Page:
How inventor par excellence Thomas Edison can inform your creative work.
What can we, as writers, photographers, artists, and bloggers learn from American inventor Thomas Alva Edison? Plenty, as it turns out. Edison is famous for many inventions, including the phonograph, a commercially viable lightbulb, and the motion picture camera.
His success resulted from trial and error, and many, many failed experiments before creating a lightbulb that could last 1200 hours, just as an example. He could have stopped. He could have given up. He chose to frame his work in a positive light:
“I have not failed. I’ve just found 10,000 ways that won’t work.”
Edison’s philosophy is particularly compelling to anyone who does creative work:
Genius is one percent inspiration, ninety nine percent perspiration.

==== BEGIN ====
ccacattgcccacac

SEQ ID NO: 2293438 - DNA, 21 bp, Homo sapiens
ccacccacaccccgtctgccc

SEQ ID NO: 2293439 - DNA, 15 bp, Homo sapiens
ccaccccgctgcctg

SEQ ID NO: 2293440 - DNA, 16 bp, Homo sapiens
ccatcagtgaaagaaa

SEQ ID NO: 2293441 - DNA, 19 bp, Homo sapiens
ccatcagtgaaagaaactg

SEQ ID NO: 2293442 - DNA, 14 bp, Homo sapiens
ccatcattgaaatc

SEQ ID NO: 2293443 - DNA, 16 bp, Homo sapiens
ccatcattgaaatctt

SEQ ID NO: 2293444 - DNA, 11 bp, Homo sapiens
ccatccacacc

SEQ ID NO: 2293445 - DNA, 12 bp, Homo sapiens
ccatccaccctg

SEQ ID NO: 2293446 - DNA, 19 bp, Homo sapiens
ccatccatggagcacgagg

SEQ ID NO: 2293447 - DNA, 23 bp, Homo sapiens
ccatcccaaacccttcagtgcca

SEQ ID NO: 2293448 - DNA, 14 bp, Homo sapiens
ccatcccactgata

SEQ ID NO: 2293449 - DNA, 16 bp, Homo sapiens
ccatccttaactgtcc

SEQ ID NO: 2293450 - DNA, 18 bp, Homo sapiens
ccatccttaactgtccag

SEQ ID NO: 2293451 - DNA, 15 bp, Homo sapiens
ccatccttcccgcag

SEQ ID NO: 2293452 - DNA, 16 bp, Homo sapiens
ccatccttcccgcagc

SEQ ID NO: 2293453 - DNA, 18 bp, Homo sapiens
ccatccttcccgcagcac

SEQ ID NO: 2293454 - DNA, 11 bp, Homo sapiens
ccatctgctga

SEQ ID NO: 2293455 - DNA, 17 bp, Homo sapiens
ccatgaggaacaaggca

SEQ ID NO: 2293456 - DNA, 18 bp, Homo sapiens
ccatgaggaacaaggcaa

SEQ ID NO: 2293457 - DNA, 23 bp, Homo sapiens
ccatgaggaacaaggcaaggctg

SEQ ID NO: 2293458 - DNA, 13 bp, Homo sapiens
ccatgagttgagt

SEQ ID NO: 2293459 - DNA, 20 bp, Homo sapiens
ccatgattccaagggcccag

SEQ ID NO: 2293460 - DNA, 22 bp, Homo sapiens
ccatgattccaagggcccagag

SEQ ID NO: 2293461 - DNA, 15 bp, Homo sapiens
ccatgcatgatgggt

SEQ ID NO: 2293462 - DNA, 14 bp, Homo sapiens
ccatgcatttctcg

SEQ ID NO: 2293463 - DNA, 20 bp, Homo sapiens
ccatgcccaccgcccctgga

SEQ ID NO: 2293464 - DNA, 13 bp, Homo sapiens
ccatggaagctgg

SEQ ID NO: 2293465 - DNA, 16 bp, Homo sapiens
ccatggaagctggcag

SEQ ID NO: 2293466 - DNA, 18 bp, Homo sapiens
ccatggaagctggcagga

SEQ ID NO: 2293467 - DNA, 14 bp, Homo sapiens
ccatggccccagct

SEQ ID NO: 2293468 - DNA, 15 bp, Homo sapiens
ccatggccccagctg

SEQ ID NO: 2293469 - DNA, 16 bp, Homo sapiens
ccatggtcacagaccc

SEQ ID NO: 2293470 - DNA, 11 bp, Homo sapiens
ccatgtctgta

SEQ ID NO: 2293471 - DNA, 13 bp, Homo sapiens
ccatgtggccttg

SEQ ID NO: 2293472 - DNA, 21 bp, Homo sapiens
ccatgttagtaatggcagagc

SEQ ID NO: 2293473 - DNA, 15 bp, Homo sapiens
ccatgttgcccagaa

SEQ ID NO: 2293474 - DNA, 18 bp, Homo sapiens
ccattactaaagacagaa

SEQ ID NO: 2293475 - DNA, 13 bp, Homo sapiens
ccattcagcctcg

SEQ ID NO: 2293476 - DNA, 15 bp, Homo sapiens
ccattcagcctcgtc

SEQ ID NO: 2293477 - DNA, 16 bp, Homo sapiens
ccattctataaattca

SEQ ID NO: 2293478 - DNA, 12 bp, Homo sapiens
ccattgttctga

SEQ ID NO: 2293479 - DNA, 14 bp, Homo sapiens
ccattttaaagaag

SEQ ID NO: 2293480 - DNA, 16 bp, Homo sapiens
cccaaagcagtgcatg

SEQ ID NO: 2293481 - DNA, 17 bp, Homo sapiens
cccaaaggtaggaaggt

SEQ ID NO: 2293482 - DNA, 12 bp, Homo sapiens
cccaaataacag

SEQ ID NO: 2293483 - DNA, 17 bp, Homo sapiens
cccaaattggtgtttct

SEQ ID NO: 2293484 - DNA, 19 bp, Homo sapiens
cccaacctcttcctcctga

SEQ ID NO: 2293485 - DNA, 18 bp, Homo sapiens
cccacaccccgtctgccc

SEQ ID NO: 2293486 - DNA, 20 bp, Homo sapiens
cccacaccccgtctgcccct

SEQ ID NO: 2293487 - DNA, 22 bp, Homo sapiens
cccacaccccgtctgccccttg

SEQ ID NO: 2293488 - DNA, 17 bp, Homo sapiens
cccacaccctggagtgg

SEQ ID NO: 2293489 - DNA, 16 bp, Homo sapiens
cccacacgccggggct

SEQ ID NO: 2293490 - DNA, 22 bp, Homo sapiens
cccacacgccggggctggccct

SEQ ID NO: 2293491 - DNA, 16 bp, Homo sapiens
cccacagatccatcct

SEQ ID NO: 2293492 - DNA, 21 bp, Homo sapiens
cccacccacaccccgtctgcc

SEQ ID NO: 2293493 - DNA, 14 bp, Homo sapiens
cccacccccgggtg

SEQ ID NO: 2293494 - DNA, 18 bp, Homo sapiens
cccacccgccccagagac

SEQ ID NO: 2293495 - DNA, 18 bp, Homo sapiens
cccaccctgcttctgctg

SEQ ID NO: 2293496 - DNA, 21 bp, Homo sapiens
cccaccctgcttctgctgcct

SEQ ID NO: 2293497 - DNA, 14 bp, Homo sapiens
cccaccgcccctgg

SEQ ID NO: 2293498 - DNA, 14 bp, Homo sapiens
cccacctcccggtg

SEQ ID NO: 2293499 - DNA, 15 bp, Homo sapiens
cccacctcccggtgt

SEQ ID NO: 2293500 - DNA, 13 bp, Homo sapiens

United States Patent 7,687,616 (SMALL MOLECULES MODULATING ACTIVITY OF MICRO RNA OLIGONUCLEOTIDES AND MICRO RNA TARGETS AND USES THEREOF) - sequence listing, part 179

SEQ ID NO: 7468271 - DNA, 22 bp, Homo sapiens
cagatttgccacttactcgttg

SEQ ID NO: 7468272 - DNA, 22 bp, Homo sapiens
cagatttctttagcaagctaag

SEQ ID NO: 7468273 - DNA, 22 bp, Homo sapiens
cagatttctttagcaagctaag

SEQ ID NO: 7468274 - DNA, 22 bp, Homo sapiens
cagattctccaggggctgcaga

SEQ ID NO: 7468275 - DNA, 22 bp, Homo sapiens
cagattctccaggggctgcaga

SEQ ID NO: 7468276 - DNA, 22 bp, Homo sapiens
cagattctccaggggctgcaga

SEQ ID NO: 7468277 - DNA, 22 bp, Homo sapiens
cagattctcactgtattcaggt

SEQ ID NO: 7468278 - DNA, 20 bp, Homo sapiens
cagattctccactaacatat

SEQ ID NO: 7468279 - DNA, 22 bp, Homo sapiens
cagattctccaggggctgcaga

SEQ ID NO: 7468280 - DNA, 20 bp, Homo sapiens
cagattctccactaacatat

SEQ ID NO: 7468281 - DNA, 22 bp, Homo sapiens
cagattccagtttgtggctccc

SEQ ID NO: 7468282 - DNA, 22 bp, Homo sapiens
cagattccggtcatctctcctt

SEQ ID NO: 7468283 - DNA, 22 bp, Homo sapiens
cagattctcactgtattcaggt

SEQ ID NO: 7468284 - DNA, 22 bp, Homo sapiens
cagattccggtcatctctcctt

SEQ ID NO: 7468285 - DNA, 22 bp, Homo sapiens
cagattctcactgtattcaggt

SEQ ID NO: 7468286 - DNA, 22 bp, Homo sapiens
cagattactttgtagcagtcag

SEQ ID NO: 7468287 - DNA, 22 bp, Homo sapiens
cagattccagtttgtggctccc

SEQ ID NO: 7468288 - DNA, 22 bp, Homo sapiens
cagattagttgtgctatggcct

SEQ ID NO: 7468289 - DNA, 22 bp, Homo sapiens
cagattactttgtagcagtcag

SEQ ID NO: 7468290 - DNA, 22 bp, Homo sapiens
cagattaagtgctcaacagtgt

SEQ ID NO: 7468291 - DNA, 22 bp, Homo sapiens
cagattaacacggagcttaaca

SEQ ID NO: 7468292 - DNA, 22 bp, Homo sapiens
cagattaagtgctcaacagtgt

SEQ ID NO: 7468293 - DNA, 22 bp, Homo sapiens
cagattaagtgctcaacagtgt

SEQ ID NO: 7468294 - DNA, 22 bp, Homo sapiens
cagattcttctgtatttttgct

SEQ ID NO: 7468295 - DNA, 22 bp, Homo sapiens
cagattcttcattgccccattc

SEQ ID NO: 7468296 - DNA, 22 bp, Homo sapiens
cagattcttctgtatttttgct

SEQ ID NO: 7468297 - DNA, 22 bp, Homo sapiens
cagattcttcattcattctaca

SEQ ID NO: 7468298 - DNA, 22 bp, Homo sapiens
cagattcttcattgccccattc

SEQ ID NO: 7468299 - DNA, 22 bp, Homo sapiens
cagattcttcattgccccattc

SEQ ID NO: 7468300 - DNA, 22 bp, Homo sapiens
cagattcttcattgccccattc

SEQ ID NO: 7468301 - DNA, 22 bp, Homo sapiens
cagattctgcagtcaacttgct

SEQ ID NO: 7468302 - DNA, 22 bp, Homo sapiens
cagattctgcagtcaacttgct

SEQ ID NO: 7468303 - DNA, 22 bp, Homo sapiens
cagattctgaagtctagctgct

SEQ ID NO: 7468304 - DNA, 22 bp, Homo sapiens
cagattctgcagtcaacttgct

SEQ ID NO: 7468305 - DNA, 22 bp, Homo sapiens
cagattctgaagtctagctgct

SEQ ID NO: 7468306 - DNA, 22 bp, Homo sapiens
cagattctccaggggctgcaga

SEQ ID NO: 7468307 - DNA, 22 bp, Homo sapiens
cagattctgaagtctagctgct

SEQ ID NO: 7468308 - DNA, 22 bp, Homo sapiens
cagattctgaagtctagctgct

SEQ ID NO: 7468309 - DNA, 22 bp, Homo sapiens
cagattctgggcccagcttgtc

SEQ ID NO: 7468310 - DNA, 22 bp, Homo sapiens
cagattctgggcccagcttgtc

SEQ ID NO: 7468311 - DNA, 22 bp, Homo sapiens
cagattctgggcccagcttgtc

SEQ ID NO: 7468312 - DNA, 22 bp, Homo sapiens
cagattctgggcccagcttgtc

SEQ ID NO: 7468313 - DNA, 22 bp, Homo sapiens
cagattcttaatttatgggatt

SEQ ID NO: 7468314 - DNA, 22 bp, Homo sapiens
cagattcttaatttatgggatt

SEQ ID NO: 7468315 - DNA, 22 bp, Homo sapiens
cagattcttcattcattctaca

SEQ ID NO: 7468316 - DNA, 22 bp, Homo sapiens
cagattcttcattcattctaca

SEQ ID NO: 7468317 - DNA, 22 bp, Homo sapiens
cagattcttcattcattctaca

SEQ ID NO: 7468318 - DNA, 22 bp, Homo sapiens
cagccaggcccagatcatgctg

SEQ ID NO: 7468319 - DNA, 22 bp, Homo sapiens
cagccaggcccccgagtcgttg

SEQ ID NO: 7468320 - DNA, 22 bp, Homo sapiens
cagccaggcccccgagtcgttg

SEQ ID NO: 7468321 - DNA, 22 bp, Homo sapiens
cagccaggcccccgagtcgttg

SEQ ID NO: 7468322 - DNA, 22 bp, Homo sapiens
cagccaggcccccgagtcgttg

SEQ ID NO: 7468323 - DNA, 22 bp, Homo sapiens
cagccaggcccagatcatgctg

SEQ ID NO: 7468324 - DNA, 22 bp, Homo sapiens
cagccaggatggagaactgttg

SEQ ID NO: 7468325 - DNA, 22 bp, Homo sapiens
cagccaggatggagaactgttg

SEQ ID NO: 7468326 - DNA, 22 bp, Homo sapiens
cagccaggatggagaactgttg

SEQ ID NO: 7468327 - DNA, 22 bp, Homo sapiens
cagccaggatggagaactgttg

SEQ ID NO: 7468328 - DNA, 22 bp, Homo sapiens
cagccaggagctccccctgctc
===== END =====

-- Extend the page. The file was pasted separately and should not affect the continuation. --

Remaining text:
How many rough drafts, spoiled drawings, and blurry photos have you created before that stroke of serendipity? Are you looking at a failure, or an important stepping stone toward a masterpiece?
If you’re waiting for inspiration, you might be left waiting, giving up time that could be better spent creating. Get writing, get your watercolors out, pop your camera in your pocket and do a photowalk in your neighborhood. If you focus on being consistent with process, inspiration will find you, and what you produce will show it.
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